The Justice Ministry will begin research on how other countries employ satellite-based global positioning systems to locate people released from prison and to see if the systems work at discouraging repeat offenders.
Officials said they will not set the development of a similar system for Japan as the goal of the research, but said the move is likely to spark criticism among those who believe such surveillance violates human rights.
Countries including the United States, Britain, France, Germany and Canada already use GPS-based monitoring systems to track some former prisoners, and the ministry is planning to learn by the end of fiscal 2010, or March 31, 2011, why they did so, the purpose of their use, who is being targeted, what devices are used, and how the systems operate.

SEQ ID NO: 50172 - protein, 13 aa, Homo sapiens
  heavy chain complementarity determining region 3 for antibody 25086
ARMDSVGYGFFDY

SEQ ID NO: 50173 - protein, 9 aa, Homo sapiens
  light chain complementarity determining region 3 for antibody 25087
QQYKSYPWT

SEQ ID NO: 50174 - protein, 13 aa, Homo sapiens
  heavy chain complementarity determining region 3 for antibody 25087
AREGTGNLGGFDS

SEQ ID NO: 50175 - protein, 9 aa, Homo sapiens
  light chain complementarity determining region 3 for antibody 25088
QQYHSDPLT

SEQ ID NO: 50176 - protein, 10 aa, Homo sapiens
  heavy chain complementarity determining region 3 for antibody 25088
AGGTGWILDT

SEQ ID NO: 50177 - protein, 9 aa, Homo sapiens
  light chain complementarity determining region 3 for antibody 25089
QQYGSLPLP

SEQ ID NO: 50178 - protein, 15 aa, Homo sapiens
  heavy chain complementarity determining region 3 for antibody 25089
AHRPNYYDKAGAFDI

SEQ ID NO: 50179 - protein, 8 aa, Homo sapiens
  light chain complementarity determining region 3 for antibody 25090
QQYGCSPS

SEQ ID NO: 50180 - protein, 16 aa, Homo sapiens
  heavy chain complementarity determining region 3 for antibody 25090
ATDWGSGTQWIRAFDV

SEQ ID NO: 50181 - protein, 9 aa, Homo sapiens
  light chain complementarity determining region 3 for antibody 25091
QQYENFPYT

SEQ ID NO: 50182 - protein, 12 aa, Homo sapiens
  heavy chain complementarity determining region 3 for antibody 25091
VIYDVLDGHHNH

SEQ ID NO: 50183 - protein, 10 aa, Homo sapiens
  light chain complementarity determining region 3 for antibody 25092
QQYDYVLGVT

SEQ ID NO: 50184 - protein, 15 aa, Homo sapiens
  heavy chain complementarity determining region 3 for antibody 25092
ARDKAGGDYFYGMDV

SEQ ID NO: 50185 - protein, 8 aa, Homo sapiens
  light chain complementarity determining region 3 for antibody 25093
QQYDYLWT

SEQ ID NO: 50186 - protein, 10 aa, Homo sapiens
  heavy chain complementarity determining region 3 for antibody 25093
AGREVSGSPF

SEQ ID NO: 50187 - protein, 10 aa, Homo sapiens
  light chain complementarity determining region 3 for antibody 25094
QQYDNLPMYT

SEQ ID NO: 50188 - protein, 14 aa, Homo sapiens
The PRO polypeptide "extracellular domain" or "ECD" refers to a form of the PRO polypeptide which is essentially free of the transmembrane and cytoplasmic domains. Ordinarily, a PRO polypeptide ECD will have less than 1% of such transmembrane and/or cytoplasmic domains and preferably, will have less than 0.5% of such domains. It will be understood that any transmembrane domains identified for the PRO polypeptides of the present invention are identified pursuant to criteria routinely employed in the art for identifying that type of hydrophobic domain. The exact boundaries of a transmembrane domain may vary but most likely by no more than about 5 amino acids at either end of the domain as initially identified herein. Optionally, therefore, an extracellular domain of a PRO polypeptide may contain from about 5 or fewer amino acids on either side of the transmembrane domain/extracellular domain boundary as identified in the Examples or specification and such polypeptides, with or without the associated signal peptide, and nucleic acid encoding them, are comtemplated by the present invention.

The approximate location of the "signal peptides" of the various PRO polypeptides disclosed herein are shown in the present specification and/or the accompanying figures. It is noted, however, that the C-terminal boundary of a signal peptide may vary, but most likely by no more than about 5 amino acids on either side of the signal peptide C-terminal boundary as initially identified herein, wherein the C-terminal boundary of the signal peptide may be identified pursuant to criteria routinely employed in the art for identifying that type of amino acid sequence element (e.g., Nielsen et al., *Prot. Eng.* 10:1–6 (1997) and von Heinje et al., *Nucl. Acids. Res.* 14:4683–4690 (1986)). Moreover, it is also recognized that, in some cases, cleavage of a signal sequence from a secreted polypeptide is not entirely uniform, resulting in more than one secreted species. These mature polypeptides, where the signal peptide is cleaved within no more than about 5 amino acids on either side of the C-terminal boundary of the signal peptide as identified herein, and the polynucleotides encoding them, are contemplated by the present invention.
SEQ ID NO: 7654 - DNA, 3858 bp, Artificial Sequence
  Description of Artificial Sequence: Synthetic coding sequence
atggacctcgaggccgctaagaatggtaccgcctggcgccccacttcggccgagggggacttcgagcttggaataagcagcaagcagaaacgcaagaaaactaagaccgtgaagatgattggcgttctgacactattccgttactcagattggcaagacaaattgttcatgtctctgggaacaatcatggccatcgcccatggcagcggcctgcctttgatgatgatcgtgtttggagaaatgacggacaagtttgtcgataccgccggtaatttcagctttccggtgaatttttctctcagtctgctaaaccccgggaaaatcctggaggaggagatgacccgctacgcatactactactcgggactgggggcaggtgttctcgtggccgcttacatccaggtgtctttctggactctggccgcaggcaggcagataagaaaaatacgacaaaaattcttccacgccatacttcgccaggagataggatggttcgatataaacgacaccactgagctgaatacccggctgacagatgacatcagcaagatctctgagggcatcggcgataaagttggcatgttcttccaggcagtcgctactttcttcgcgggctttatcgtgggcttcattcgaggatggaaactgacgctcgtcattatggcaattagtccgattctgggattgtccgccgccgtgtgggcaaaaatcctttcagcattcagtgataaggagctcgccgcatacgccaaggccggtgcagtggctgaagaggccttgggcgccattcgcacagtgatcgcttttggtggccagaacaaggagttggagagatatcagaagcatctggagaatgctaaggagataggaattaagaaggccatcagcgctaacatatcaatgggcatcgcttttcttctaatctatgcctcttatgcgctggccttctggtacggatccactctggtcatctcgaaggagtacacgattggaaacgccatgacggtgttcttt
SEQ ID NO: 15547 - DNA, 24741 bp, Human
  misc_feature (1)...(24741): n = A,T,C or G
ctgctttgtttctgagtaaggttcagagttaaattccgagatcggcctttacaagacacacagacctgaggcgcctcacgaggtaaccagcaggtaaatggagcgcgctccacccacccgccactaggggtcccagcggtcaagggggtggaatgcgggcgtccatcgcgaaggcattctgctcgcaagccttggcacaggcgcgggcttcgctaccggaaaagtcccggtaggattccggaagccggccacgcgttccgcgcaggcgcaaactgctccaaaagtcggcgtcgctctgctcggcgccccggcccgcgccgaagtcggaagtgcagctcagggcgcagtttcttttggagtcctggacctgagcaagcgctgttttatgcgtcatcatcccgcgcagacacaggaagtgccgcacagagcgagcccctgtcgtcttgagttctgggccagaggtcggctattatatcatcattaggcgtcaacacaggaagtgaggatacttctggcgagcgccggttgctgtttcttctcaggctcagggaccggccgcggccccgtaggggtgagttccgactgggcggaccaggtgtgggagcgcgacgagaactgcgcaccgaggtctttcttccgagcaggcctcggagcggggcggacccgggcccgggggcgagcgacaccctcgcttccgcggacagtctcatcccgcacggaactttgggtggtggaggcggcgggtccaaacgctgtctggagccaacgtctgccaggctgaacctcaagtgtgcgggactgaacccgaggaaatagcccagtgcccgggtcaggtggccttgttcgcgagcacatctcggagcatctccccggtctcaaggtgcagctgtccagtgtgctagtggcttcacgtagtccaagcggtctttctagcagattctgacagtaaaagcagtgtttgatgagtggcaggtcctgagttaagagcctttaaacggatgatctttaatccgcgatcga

Some countries use GPS to prevent sex offenders visiting specific locations, while others use the technology to ease overcrowding in prisons by releasing offenders tagged with the devices.
The use of GPS was included as an item for study in an action plan finalized at a meeting of Cabinet ministers concerning crime prevention in December.